Simple Wave, a company that makes snack bowls from recycled materials,
relocated its production to Union City, CA, from China. Simple Wave chose to complete its manufacturing in America because they said it saves time and allows for greater quality control and flexibility.

A cofounder of Simple Wave, Rich Stump, said:

Our business is growing very quickly and by having the ability to react quickly and provide just-in-time manufacturing will provide the fuel to our growth. Knowing that we are contributing to the US economy re-shoring effort is a great feeling--

Listen to that. This is a businessman who says: ``Knowing that we are contributing to the US economy re-shoring effort is a great feeling''--

and we are confident that this will in turn provide a better quality product to our customers.

I say to my Republican colleagues--I do not know how they are going to vote, but they have not been very supportive of this bill--if a businessman feels great because he is bringing jobs home to the United States, why don't you feel great and do your part and take away tax breaks for companies that ship jobs overseas and give them to companies that bring jobs home?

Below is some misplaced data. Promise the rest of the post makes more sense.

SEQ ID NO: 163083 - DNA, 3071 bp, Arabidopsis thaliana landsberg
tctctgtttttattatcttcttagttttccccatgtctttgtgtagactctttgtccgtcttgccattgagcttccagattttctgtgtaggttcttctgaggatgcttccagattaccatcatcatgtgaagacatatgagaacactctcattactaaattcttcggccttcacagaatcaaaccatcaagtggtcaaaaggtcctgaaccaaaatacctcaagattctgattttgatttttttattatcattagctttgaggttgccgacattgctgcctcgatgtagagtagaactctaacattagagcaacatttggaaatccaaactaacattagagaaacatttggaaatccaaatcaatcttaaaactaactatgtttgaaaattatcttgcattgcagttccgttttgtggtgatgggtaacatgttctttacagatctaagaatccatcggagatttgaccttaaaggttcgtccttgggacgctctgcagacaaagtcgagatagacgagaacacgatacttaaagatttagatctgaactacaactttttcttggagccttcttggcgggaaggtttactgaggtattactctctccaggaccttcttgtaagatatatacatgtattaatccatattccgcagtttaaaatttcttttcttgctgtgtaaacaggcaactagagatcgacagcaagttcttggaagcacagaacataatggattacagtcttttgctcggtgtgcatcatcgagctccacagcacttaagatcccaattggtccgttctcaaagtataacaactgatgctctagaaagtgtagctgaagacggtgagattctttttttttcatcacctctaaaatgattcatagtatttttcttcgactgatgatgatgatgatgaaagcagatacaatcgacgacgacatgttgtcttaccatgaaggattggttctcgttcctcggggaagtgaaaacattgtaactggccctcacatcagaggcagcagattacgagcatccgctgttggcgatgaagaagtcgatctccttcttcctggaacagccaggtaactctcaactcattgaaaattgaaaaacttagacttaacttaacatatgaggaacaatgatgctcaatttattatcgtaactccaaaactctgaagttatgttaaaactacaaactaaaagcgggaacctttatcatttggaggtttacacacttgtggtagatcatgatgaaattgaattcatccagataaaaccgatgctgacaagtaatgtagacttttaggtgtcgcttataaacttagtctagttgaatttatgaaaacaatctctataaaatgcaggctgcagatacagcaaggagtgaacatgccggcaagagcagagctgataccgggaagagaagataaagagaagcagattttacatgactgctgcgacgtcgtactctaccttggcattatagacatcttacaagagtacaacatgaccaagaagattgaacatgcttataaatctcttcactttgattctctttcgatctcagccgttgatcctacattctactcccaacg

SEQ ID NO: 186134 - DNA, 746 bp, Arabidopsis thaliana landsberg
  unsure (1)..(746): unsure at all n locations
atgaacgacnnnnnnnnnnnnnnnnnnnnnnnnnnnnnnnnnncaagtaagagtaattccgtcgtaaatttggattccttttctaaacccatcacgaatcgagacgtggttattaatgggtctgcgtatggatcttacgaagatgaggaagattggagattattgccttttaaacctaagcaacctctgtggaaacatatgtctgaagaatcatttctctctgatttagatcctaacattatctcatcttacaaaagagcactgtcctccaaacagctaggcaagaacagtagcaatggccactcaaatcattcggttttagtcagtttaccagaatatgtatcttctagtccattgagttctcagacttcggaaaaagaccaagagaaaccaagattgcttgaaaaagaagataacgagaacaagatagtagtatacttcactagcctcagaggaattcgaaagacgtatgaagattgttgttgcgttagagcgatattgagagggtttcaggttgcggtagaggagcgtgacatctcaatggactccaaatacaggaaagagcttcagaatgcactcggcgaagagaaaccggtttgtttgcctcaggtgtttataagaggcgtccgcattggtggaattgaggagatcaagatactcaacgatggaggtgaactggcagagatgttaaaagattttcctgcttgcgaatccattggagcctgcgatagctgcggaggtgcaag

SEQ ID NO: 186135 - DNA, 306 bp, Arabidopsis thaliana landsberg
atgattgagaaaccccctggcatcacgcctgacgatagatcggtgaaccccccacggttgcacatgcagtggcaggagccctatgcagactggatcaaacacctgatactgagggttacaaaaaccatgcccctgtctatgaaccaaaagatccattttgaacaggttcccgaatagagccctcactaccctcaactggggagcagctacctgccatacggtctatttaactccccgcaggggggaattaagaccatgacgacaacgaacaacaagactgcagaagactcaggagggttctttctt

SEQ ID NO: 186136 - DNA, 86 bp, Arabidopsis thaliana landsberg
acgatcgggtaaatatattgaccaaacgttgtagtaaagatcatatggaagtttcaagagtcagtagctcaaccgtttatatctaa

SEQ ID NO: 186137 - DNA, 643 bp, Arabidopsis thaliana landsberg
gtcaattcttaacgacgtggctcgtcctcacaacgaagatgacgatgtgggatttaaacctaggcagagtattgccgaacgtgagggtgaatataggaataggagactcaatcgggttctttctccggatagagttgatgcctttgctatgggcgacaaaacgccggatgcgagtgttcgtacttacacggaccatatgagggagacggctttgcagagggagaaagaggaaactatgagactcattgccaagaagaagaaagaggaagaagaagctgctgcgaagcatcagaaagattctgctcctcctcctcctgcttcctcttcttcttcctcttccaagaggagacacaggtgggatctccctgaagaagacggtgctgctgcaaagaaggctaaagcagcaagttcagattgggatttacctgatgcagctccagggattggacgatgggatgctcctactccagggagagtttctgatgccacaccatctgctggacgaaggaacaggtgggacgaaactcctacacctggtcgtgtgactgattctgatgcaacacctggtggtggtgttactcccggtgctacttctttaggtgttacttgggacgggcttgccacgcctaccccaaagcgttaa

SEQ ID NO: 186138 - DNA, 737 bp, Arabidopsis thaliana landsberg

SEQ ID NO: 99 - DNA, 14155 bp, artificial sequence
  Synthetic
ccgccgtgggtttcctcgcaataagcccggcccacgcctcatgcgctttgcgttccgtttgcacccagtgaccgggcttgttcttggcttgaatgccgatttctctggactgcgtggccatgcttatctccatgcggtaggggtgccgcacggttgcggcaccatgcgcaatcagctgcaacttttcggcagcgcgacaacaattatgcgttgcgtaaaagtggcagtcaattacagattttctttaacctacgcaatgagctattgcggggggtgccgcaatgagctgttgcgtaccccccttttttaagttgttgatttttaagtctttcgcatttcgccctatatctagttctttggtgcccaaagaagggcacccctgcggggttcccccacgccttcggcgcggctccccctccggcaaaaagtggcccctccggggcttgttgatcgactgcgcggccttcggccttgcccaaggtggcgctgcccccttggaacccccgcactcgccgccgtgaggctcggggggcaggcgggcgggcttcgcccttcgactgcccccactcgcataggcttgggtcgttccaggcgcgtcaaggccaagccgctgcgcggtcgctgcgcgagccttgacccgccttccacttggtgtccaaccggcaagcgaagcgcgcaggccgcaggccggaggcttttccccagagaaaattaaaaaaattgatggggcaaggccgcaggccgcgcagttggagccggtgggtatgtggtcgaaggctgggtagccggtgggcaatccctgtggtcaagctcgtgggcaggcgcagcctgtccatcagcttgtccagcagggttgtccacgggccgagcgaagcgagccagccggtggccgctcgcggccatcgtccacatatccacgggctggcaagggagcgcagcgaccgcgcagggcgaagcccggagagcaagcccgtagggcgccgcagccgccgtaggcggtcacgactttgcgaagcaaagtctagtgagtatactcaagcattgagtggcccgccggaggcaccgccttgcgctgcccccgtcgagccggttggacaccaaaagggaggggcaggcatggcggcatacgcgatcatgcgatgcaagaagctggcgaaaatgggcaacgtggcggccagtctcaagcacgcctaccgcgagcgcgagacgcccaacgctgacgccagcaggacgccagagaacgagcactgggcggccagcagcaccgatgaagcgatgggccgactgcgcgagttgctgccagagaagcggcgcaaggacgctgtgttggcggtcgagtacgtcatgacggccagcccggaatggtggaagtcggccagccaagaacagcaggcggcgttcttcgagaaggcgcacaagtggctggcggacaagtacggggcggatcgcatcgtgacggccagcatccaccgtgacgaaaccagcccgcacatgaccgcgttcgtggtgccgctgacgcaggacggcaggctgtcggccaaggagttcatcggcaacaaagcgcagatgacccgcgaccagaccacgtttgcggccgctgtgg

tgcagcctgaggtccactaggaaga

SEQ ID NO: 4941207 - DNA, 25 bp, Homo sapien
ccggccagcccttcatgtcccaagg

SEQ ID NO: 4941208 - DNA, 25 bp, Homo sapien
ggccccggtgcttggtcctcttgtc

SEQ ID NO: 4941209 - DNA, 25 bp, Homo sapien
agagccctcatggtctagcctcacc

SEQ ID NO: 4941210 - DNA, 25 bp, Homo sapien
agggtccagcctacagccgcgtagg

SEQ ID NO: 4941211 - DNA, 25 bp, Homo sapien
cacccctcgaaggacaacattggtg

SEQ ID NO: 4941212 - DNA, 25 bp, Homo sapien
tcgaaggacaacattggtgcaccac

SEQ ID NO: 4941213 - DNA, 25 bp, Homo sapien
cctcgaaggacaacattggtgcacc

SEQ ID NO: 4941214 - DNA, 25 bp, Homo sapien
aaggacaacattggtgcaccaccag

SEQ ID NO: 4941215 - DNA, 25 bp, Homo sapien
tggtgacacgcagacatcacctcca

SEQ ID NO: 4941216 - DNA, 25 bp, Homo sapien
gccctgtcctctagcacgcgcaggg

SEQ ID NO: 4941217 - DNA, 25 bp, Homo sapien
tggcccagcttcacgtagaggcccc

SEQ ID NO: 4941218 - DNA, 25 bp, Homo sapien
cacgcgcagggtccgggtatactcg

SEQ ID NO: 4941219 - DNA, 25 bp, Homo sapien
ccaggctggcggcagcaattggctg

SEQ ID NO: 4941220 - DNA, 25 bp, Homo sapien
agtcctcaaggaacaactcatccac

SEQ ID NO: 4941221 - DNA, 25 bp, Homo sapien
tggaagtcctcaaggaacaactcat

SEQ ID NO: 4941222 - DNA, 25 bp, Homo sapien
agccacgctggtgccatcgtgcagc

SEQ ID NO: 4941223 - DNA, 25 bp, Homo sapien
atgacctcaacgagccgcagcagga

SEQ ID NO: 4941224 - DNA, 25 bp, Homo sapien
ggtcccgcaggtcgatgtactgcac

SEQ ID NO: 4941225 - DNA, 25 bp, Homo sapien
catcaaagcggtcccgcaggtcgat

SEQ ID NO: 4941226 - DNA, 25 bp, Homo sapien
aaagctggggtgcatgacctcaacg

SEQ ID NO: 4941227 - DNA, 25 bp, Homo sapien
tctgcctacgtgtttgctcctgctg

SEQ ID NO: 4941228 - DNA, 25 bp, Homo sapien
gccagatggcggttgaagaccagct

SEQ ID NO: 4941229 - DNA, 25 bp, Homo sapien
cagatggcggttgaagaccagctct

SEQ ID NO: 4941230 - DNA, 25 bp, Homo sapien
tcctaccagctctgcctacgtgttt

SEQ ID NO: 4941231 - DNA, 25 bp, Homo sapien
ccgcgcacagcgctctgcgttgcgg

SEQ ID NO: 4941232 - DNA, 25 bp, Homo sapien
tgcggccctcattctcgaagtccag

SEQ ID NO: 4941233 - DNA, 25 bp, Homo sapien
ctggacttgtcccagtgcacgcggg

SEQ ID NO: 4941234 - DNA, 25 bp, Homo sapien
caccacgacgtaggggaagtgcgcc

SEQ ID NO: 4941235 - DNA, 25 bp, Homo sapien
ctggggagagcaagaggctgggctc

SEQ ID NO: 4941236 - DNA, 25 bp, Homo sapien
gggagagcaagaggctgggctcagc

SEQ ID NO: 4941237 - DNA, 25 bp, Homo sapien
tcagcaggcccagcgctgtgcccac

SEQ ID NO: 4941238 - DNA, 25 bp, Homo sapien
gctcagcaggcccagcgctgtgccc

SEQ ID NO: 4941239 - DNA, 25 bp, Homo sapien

Here is another one.

LightSaver Technologies, in Carlsbad, CA, makes emergency lighting for homes. They also moved their manufacturing back from China. They found that making adjustments to the manufacturing process is easier when the plant is only 30 miles away, as opposed to 12 time zones away.

Jerry Anderson, one of the company's founders, said:

If we have an issue in manufacturing, in America we can walk down to the plant floor. We can't do that in China.

He says manufacturing in the U.S. is 2 to 5 percent cheaper once he takes into account the time and trouble of outsourcing jobs overseas.

Again, I say to my friends, if entrepreneurs such as these feel good about bringing jobs home, why are you continuing to support subsidies to companies that move jobs overseas?